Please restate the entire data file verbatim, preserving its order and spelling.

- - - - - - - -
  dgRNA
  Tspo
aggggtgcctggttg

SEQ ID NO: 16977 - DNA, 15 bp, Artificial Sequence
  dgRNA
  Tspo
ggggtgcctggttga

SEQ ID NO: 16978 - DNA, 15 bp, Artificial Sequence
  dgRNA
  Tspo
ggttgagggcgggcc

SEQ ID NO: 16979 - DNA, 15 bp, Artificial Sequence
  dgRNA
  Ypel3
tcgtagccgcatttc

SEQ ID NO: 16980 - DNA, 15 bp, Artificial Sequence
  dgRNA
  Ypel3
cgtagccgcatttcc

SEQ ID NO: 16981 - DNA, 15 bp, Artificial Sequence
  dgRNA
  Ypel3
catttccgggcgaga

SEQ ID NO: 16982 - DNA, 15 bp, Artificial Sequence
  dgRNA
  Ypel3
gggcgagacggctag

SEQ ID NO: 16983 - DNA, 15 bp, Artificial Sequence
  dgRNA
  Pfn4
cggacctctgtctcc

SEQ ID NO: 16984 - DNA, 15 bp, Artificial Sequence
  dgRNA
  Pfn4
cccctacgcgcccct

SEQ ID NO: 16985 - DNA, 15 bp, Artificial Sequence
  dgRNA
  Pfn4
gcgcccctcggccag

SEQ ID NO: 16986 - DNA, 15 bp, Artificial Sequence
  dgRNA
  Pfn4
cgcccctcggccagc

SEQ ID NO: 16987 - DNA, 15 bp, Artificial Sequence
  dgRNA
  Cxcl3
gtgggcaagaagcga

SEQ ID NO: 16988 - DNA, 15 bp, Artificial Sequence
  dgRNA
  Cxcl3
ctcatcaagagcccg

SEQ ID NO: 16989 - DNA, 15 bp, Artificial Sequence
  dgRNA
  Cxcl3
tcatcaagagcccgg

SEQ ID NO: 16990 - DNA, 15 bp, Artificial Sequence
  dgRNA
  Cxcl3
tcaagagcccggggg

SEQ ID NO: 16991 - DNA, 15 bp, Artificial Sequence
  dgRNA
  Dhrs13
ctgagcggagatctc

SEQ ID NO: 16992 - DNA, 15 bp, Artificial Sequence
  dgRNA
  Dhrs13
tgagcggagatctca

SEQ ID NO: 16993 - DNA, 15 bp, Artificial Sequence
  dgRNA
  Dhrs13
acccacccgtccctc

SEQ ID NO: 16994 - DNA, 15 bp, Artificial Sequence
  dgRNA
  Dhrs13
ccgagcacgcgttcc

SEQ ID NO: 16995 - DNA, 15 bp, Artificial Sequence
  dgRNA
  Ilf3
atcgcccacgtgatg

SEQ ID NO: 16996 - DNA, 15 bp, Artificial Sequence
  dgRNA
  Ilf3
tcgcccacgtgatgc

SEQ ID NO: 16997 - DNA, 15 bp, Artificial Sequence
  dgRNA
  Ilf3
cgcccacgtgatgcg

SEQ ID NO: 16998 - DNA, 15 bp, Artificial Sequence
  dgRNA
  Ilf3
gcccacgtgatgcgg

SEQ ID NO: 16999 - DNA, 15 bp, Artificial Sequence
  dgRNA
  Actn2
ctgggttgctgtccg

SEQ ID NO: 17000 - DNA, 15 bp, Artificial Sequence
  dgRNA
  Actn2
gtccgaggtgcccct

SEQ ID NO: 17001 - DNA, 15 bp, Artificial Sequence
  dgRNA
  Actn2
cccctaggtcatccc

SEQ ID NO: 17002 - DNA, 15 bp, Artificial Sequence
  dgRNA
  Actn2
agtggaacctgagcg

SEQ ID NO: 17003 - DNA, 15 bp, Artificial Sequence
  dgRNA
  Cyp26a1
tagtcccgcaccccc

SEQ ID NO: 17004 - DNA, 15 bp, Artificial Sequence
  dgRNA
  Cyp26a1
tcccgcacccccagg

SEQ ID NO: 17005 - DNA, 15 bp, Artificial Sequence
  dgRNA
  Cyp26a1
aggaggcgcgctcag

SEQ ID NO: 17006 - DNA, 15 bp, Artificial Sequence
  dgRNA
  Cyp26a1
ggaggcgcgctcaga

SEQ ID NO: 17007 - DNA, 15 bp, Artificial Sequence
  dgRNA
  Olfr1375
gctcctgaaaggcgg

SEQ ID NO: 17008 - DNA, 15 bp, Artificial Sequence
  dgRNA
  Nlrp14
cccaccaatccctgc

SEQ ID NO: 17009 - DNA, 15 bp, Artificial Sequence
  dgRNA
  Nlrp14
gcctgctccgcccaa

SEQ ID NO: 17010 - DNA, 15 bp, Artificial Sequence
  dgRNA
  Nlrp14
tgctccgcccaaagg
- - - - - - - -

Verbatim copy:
  dgRNA
  Tspo
aggggtgcctggttg

SEQ ID NO: 16977 - DNA, 15 bp, Artificial Sequence
  dgRNA
  Tspo
ggggtgcctggttga

SEQ ID NO: 16978 - DNA, 15 bp, Artificial Sequence
  dgRNA
  Tspo
ggttgagggcgggcc

SEQ ID NO: 16979 - DNA, 15 bp, Artificial Sequence
  dgRNA
  Ypel3
tcgtagccgcatttc

SEQ ID NO: 16980 - DNA, 15 bp, Artificial Sequence
  dgRNA
  Ypel3
cgtagccgcatttcc

SEQ ID NO: 16981 - DNA, 15 bp, Artificial Sequence
  dgRNA
  Ypel3
catttccgggcgaga

SEQ ID NO: 16982 - DNA, 15 bp, Artificial Sequence
  dgRNA
  Ypel3
gggcgagacggctag

SEQ ID NO: 16983 - DNA, 15 bp, Artificial Sequence
  dgRNA
  Pfn4
cggacctctgtctcc

SEQ ID NO: 16984 - DNA, 15 bp, Artificial Sequence
  dgRNA
  Pfn4
cccctacgcgcccct

SEQ ID NO: 16985 - DNA, 15 bp, Artificial Sequence
  dgRNA
  Pfn4
gcgcccctcggccag

SEQ ID NO: 16986 - DNA, 15 bp, Artificial Sequence
  dgRNA
  Pfn4
cgcccctcggccagc

SEQ ID NO: 16987 - DNA, 15 bp, Artificial Sequence
  dgRNA
  Cxcl3
gtgggcaagaagcga

SEQ ID NO: 16988 - DNA, 15 bp, Artificial Sequence
  dgRNA
  Cxcl3
ctcatcaagagcccg

SEQ ID NO: 16989 - DNA, 15 bp, Artificial Sequence
  dgRNA
  Cxcl3
tcatcaagagcccgg

SEQ ID NO: 16990 - DNA, 15 bp, Artificial Sequence
  dgRNA
  Cxcl3
tcaagagcccggggg

SEQ ID NO: 16991 - DNA, 15 bp, Artificial Sequence
  dgRNA
  Dhrs13
ctgagcggagatctc

SEQ ID NO: 16992 - DNA, 15 bp, Artificial Sequence
  dgRNA
  Dhrs13
tgagcggagatctca

SEQ ID NO: 16993 - DNA, 15 bp, Artificial Sequence
  dgRNA
  Dhrs13
acccacccgtccctc

SEQ ID NO: 16994 - DNA, 15 bp, Artificial Sequence
  dgRNA
  Dhrs13
ccgagcacgcgttcc

SEQ ID NO: 16995 - DNA, 15 bp, Artificial Sequence
  dgRNA
  Ilf3
atcgcccacgtgatg

SEQ ID NO: 16996 - DNA, 15 bp, Artificial Sequence
  dgRNA
  Ilf3
tcgcccacgtgatgc

SEQ ID NO: 16997 - DNA, 15 bp, Artificial Sequence
  dgRNA
  Ilf3
cgcccacgtgatgcg

SEQ ID NO: 16998 - DNA, 15 bp, Artificial Sequence
  dgRNA
  Ilf3
gcccacgtgatgcgg

SEQ ID NO: 16999 - DNA, 15 bp, Artificial Sequence
  dgRNA
  Actn2
ctgggttgctgtccg

SEQ ID NO: 17000 - DNA, 15 bp, Artificial Sequence
  dgRNA
  Actn2
gtccgaggtgcccct

SEQ ID NO: 17001 - DNA, 15 bp, Artificial Sequence
  dgRNA
  Actn2
cccctaggtcatccc

SEQ ID NO: 17002 - DNA, 15 bp, Artificial Sequence
  dgRNA
  Actn2
agtggaacctgagcg

SEQ ID NO: 17003 - DNA, 15 bp, Artificial Sequence
  dgRNA
  Cyp26a1
tagtcccgcaccccc

SEQ ID NO: 17004 - DNA, 15 bp, Artificial Sequence
  dgRNA
  Cyp26a1
tcccgcacccccagg

SEQ ID NO: 17005 - DNA, 15 bp, Artificial Sequence
  dgRNA
  Cyp26a1
aggaggcgcgctcag

SEQ ID NO: 17006 - DNA, 15 bp, Artificial Sequence
  dgRNA
  Cyp26a1
ggaggcgcgctcaga

SEQ ID NO: 17007 - DNA, 15 bp, Artificial Sequence
  dgRNA
  Olfr1375
gctcctgaaaggcgg

SEQ ID NO: 17008 - DNA, 15 bp, Artificial Sequence
  dgRNA
  Nlrp14
cccaccaatccctgc

SEQ ID NO: 17009 - DNA, 15 bp, Artificial Sequence
  dgRNA
  Nlrp14
gcctgctccgcccaa

SEQ ID NO: 17010 - DNA, 15 bp, Artificial Sequence
  dgRNA
  Nlrp14
tgctccgcccaaagg